Wednesday, 8 June 2016

Make Room In Your Wardrobe

A fascinating article in the Guardian recently took a peek into journalist Chitra Ramaswamy's wardrobe, and came to some interesting conclusions.

Recent studies undertaken by Marks and Spencer in association with Oxfam found that we're really good at buying clothes, but not so great at wearing them. In fact, there are an awful lot of items in British wardrobes that are purchased, then never worn at all. 44%, in fact. That's pretty un-nerving, if the nation's wardrobes are as overstuffed as mine.

Andrew Soar, campaign manager for the M&S/Oxfam joint venture Shwopping aims to get those clothes back into circulation. For one thing, there's a lot of money tucked away doing nothing. He estimates that we have £2.7bn worth of garments hanging dormant. The simple conclusion? All of us could do with a bit of an audit.

So where do you start? Chitra lays out the simple steps to releasing space in her wardrobe:
In an attempt to “release the power” of my threads, I begin by counting clothes, which is surprisingly fun. I have 164 items – more than I expected. On average, each wardrobe in the UK contains 152 items, of which 57 are never worn or haven’t been worn in the past year. I more or less stopped buying clothes three years ago when I had a baby and took voluntary redundancy. Since then, my clothes have come from charity shops – with the odd Uniqlo splurge. I soon discover that there is something particularly sad about an unworn item of clothing originating from a charity shop. Twice as rejected, twice as pointless.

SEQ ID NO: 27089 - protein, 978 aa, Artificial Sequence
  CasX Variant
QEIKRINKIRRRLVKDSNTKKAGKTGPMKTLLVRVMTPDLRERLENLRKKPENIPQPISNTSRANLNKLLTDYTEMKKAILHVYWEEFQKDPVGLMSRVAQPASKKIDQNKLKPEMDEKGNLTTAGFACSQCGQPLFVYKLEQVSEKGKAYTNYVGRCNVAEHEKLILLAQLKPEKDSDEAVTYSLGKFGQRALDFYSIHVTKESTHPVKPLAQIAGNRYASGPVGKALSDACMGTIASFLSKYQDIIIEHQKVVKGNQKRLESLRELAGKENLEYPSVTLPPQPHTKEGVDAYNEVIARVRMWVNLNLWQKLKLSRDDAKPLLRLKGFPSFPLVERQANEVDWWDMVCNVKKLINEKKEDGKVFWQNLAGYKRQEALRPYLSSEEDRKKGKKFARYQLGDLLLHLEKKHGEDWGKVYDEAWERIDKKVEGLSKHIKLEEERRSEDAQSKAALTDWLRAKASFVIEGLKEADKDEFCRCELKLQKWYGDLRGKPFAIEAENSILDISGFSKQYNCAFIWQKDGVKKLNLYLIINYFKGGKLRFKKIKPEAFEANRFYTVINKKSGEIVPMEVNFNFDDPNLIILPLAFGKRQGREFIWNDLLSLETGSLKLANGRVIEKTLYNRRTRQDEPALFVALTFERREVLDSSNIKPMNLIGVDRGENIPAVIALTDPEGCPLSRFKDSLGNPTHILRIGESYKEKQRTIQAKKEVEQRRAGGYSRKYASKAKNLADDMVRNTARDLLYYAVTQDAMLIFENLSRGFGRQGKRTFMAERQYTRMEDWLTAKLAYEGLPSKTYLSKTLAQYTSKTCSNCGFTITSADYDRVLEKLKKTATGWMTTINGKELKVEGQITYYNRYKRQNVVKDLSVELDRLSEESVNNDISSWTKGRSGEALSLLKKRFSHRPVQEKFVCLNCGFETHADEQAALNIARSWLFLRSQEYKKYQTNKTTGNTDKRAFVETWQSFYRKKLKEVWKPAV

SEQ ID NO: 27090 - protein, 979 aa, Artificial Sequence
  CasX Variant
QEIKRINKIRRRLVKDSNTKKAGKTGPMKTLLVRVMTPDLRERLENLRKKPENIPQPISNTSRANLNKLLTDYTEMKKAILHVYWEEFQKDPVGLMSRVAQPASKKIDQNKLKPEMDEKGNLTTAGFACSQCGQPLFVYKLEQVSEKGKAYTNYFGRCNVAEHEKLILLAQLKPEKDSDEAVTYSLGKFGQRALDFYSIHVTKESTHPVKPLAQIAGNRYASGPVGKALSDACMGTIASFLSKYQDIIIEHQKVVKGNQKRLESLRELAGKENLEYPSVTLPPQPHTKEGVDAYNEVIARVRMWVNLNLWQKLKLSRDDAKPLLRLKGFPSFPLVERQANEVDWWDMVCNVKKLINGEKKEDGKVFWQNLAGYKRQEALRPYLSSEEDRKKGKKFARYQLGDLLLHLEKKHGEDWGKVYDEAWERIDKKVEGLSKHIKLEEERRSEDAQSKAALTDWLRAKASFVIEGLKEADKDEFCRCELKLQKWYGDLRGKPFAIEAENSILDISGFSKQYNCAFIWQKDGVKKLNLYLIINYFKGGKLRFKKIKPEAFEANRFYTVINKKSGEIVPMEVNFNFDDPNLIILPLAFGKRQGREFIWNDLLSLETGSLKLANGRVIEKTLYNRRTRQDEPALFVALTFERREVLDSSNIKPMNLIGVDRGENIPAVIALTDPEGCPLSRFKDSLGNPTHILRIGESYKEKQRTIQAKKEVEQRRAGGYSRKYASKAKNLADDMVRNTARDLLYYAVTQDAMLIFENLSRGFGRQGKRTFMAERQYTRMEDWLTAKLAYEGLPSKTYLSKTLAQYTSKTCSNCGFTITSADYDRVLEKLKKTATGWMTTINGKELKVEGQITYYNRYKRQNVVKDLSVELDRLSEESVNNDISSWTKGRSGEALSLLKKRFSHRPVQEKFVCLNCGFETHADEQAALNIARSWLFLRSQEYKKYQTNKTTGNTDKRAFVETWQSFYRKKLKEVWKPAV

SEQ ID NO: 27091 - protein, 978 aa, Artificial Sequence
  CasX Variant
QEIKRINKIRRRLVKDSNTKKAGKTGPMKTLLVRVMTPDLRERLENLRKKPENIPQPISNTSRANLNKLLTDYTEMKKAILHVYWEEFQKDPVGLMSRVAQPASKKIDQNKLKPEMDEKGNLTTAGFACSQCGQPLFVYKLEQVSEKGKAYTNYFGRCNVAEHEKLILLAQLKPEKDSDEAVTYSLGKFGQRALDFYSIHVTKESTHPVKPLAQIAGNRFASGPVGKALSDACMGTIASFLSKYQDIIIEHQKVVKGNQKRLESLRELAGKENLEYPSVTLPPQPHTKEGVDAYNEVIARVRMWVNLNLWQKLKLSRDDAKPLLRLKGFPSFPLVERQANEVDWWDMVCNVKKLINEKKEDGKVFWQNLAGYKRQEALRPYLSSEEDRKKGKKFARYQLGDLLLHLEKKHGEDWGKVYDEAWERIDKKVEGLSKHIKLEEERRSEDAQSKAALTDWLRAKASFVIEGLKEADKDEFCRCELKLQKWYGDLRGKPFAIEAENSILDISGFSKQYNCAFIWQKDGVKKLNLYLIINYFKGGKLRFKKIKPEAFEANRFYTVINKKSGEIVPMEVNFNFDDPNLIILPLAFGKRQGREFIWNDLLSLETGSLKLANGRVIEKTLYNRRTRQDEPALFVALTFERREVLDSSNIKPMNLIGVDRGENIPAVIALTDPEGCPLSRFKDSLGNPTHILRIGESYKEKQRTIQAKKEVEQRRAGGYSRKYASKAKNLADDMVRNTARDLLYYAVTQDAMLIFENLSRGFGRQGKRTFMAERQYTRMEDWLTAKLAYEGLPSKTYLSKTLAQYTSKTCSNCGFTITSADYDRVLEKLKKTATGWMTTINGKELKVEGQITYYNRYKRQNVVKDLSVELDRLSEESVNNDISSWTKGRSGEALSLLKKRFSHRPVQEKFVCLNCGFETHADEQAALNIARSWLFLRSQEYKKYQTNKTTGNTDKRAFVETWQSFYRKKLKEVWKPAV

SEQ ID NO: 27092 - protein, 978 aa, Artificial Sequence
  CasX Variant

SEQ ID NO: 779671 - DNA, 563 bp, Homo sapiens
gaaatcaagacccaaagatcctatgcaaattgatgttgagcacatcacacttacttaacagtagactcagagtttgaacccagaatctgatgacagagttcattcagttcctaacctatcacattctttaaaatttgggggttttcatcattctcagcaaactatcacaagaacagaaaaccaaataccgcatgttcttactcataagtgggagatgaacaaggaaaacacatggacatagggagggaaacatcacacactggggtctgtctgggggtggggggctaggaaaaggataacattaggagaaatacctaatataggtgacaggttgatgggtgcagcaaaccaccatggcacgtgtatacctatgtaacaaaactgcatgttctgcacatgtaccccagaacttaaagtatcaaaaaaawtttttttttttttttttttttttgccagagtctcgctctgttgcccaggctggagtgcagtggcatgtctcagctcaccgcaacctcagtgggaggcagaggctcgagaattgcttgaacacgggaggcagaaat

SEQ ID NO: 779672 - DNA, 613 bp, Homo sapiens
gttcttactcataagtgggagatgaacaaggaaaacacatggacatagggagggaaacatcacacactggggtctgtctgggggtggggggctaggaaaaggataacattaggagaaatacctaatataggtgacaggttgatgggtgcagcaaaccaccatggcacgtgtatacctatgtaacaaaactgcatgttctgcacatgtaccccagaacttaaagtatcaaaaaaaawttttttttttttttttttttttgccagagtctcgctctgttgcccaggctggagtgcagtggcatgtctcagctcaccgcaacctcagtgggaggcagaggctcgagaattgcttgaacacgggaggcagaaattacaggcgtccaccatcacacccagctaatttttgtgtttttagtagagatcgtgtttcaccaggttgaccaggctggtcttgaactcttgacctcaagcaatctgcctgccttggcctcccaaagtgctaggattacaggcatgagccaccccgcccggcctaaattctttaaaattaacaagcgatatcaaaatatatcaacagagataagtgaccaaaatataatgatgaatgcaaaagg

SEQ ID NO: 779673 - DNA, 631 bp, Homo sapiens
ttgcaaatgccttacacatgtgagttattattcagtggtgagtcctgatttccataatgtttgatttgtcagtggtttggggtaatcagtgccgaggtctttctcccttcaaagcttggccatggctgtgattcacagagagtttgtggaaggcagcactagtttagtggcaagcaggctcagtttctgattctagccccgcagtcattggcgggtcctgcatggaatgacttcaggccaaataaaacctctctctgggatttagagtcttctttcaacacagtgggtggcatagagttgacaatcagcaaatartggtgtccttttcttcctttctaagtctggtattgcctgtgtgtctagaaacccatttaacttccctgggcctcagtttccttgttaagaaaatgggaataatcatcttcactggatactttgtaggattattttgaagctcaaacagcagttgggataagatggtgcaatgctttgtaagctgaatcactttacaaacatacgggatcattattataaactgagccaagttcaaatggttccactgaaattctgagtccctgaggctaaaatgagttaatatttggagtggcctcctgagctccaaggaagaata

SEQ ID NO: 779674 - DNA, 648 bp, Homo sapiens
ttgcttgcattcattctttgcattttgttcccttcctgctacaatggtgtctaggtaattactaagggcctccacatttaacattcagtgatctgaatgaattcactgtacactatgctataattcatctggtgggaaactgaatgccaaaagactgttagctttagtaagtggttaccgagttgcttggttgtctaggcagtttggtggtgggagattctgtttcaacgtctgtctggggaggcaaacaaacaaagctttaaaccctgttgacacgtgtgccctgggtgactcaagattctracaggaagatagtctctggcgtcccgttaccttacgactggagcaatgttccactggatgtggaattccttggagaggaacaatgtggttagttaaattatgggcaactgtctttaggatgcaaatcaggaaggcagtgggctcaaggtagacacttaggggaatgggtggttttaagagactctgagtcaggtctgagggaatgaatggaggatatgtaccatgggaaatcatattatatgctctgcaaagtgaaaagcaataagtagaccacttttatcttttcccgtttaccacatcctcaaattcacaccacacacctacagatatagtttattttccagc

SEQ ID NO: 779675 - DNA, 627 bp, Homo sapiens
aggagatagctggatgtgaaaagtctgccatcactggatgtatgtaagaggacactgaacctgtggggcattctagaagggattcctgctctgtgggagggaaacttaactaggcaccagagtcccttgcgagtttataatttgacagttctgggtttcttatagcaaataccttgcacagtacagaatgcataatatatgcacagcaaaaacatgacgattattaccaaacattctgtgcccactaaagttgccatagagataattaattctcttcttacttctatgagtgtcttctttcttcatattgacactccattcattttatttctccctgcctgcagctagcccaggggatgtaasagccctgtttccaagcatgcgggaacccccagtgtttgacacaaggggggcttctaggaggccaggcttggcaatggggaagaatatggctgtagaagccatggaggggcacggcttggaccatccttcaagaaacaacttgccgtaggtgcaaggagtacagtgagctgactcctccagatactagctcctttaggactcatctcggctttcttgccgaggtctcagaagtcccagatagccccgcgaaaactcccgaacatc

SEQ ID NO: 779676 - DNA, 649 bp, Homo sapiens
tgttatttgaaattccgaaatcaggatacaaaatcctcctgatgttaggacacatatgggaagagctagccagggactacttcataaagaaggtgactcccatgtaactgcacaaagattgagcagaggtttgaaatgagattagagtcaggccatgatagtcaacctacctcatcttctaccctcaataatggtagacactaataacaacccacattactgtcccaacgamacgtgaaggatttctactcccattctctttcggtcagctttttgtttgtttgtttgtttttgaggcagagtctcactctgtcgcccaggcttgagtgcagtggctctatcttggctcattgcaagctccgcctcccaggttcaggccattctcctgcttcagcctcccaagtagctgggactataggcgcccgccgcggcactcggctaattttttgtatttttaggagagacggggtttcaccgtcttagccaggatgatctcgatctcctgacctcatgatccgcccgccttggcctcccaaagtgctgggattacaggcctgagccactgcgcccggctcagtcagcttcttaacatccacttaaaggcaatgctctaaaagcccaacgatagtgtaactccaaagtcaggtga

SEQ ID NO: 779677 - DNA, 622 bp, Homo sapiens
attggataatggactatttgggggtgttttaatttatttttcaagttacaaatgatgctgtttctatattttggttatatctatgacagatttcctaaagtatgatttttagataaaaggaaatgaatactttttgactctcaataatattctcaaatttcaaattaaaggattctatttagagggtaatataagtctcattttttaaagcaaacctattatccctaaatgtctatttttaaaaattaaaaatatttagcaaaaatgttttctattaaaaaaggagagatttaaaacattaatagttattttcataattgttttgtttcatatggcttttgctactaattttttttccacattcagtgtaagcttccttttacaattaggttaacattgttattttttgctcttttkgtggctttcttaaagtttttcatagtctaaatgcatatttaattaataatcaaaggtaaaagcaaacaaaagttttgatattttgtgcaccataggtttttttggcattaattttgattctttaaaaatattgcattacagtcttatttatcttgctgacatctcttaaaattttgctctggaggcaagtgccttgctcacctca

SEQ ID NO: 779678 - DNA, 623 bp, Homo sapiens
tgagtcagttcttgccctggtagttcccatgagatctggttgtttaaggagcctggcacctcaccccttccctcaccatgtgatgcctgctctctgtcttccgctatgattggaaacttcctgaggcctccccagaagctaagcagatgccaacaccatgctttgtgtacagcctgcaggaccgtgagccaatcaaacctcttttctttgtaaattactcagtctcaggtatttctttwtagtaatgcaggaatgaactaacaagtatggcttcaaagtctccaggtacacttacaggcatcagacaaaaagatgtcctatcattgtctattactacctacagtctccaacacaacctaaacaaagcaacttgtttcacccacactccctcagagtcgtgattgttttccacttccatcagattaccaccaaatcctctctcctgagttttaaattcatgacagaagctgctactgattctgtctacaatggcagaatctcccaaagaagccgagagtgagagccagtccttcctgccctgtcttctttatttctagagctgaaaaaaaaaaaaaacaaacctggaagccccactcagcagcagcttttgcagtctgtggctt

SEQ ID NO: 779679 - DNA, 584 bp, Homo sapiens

We're all guilty to some extent of falling in and quickly out of love with a garment. The trick is to realise that the affair is over and it's time to move on. You could find some items are worth more than you think–Soar estimated Chitra's rejected items having a resale value of over £600. There's no need to fire up your EBay app, either. If you donate M&S clothes to Oxfam, you'll get money-off vouchers for new items in store as part of the Shwopping initiative.

A twice-yearly edit of the items in your wardrobe can make all the difference, and stop you feeling as if you're drowning in clothes. A good rule of thumb: if you haven't worn it in a year, you probably won't ever again. Set it free, and let someone else love it.

All of this gives me an excuse to post a video, and air out my prog rock tendencies, for which I make no apologies. Use it as a soundtrack for your own wardrobe exploration. You know what you like.



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